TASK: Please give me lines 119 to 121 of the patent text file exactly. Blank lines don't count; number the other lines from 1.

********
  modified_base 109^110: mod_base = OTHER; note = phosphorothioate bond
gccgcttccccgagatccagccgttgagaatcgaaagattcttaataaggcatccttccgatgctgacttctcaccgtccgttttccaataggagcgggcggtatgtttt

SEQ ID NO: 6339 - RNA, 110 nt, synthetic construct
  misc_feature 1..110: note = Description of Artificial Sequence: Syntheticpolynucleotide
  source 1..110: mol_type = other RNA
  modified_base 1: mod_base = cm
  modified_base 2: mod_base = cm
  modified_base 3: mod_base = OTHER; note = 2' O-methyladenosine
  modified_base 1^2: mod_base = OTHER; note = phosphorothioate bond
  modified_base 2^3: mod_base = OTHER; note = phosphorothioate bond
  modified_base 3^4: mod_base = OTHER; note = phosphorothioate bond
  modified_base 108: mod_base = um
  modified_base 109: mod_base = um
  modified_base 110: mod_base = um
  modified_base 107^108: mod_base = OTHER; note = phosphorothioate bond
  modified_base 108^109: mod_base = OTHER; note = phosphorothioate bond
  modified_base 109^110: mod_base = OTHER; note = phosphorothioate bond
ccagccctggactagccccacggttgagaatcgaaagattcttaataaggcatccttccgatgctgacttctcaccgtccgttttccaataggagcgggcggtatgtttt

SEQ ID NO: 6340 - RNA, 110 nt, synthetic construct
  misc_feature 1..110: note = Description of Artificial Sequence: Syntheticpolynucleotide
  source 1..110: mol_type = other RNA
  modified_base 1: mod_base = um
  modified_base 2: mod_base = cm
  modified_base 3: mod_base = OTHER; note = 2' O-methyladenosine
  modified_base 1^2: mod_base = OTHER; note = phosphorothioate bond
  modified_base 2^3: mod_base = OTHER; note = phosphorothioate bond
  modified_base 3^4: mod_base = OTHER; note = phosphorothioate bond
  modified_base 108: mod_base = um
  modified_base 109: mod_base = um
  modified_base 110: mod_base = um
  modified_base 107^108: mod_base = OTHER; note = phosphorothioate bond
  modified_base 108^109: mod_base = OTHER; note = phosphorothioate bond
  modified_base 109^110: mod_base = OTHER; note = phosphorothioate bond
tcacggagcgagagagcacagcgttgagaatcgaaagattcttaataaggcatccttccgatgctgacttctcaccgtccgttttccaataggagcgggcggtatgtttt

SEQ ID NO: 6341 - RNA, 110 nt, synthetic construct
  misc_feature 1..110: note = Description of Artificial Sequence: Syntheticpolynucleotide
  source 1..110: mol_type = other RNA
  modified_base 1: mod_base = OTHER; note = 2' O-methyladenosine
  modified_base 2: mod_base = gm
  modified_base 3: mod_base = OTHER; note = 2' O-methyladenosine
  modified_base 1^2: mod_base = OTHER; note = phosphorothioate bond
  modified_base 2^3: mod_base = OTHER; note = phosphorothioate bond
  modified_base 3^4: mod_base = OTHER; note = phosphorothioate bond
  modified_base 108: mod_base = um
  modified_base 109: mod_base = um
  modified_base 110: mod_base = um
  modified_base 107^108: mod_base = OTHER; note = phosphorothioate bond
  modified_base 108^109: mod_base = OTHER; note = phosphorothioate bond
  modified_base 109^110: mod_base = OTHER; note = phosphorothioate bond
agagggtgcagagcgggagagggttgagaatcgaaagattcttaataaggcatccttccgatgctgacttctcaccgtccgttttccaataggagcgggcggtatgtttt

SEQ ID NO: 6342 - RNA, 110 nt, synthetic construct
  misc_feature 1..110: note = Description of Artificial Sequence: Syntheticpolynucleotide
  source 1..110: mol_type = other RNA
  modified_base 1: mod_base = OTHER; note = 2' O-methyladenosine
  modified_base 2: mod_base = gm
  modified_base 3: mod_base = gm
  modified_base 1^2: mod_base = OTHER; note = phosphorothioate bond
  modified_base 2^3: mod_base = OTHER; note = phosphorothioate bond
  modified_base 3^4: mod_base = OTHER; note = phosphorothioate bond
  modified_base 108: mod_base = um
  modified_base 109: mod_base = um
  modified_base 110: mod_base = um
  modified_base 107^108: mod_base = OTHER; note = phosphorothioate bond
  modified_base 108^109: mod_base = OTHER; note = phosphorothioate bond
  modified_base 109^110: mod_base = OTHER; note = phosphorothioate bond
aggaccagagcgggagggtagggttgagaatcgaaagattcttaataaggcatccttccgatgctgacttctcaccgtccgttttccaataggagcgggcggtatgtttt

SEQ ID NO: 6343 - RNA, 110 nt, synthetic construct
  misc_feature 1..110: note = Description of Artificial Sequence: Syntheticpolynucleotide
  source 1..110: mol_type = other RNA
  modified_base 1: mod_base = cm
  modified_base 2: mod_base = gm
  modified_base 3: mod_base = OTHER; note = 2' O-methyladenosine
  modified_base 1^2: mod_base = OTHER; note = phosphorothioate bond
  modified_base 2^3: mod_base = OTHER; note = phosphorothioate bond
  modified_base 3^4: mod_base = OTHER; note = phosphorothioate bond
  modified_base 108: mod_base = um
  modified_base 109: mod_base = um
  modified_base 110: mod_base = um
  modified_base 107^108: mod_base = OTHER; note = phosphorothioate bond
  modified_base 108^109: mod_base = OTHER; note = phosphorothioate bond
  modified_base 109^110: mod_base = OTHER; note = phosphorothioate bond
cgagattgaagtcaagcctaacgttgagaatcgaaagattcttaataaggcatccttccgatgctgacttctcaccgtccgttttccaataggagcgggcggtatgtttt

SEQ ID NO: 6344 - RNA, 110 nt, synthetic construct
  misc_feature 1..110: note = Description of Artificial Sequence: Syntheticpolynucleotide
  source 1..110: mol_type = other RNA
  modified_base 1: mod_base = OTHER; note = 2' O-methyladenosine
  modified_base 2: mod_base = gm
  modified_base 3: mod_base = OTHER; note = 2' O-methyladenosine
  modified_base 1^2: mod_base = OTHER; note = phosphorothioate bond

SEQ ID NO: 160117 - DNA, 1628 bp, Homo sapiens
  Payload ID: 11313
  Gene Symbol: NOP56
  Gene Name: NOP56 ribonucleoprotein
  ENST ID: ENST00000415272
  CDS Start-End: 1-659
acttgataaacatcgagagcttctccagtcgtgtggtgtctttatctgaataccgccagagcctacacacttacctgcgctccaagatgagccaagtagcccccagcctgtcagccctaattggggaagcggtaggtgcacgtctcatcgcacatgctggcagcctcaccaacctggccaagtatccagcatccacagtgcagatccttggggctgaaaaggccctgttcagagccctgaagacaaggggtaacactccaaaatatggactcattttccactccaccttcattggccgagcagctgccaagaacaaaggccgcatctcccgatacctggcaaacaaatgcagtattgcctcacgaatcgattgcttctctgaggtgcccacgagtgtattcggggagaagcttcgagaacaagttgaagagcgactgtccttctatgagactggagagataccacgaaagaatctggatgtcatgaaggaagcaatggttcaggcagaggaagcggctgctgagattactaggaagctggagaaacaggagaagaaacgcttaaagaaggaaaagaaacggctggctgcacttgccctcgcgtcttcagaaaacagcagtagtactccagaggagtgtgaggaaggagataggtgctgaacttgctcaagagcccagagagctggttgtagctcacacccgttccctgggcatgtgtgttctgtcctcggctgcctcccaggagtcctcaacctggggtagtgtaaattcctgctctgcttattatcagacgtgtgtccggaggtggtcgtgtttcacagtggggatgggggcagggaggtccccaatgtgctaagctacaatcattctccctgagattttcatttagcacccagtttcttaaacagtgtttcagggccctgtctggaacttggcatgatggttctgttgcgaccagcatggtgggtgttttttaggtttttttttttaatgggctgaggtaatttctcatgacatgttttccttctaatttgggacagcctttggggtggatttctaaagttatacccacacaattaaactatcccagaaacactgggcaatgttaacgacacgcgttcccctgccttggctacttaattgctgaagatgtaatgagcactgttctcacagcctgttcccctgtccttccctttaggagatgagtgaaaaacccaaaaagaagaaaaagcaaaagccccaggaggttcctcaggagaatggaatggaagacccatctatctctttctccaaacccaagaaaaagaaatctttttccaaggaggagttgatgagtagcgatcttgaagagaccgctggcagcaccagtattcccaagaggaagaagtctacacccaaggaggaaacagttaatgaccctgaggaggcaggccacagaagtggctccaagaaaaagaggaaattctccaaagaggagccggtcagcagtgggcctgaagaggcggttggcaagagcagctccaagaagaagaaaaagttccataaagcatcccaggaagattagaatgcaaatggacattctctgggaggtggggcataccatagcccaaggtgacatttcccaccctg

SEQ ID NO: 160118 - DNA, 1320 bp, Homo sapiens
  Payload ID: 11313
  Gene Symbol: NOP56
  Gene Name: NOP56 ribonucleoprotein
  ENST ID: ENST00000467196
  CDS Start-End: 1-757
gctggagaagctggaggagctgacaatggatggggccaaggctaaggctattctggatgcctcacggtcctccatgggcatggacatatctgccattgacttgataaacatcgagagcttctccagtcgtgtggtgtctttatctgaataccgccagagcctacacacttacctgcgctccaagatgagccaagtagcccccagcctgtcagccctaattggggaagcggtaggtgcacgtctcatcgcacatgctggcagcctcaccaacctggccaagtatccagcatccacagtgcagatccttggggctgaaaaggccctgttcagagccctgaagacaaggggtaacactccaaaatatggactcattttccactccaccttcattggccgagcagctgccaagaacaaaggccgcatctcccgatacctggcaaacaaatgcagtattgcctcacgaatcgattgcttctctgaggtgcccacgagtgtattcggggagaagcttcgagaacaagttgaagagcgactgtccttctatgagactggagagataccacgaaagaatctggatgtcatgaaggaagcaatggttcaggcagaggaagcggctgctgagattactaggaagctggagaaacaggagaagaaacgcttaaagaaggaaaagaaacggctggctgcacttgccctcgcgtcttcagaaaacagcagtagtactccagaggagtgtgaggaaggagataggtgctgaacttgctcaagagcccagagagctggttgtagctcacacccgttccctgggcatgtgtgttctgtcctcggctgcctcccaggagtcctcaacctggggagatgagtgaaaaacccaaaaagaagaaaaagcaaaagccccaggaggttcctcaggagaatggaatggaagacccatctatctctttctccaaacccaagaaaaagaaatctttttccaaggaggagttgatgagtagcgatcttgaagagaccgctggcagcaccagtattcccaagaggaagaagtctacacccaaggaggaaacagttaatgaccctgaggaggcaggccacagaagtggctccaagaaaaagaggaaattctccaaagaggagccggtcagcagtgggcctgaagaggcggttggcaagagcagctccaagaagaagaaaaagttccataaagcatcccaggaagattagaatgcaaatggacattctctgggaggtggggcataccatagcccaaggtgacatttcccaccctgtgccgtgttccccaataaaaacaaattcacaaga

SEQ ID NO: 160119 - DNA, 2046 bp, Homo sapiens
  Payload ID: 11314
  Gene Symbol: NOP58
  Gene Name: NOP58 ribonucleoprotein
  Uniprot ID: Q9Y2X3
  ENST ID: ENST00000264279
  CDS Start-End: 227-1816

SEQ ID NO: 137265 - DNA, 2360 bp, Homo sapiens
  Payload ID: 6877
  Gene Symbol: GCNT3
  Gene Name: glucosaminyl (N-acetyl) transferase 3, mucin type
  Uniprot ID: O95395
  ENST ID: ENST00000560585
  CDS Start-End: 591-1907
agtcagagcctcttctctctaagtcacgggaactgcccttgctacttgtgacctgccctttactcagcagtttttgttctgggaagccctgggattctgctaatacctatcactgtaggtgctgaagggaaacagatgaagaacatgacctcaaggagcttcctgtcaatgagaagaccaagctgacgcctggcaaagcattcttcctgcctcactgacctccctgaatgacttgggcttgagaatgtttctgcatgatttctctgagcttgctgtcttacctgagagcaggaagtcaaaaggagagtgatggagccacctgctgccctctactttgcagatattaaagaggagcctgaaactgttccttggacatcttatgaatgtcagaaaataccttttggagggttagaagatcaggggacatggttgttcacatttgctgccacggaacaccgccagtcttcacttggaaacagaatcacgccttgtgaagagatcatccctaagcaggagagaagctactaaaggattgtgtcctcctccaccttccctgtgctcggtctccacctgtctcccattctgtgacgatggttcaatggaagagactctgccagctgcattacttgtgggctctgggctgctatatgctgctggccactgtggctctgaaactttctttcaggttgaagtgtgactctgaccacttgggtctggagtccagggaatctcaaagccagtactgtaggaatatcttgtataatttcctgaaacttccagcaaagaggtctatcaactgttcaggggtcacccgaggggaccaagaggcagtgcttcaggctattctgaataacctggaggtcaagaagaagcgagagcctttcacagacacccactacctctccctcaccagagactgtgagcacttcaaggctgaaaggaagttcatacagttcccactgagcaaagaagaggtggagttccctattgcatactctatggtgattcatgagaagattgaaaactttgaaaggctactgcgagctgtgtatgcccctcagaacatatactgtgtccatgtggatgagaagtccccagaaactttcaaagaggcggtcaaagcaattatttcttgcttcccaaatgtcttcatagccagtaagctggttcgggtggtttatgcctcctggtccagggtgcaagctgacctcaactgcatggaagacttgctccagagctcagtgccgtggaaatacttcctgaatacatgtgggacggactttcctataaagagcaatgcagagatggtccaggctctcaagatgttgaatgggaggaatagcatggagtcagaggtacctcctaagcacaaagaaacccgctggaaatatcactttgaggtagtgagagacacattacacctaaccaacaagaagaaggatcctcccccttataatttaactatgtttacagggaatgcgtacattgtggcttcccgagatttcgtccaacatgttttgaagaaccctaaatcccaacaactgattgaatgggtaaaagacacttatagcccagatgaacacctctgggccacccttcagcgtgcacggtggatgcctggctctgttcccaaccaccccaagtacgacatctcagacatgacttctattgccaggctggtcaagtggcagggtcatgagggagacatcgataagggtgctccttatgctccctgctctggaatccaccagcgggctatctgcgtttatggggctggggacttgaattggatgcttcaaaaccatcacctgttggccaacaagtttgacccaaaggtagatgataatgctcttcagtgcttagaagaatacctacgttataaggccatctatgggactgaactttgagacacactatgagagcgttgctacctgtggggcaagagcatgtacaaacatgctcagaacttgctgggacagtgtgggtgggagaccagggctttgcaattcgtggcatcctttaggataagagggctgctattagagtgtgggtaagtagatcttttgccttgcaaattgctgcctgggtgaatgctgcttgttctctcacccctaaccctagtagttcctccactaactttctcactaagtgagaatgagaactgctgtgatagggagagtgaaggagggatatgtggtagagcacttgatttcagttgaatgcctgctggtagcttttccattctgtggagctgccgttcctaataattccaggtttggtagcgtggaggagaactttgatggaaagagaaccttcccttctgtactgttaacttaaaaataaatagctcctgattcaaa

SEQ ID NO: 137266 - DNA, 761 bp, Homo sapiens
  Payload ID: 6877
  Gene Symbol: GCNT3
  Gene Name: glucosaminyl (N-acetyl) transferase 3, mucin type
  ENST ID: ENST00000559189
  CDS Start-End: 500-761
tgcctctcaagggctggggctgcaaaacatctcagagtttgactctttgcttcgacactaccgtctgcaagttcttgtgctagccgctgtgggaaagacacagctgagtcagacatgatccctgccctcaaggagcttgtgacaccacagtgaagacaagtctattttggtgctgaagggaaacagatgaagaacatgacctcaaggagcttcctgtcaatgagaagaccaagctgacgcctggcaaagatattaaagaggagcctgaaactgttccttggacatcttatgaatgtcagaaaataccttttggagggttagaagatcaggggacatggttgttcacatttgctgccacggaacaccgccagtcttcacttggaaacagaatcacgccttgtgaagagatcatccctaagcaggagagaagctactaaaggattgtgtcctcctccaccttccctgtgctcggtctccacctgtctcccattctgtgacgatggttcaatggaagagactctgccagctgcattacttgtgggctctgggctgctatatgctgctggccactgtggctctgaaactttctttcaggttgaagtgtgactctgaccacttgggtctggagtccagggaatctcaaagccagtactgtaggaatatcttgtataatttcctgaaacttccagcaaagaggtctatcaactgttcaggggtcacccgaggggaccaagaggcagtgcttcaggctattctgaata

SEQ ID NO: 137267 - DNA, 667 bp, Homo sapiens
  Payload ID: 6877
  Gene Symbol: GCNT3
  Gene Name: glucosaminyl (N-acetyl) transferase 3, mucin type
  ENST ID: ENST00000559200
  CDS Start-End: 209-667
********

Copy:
SEQ ID NO: 137266 - DNA, 761 bp, Homo sapiens
  Payload ID: 6877
  Gene Symbol: GCNT3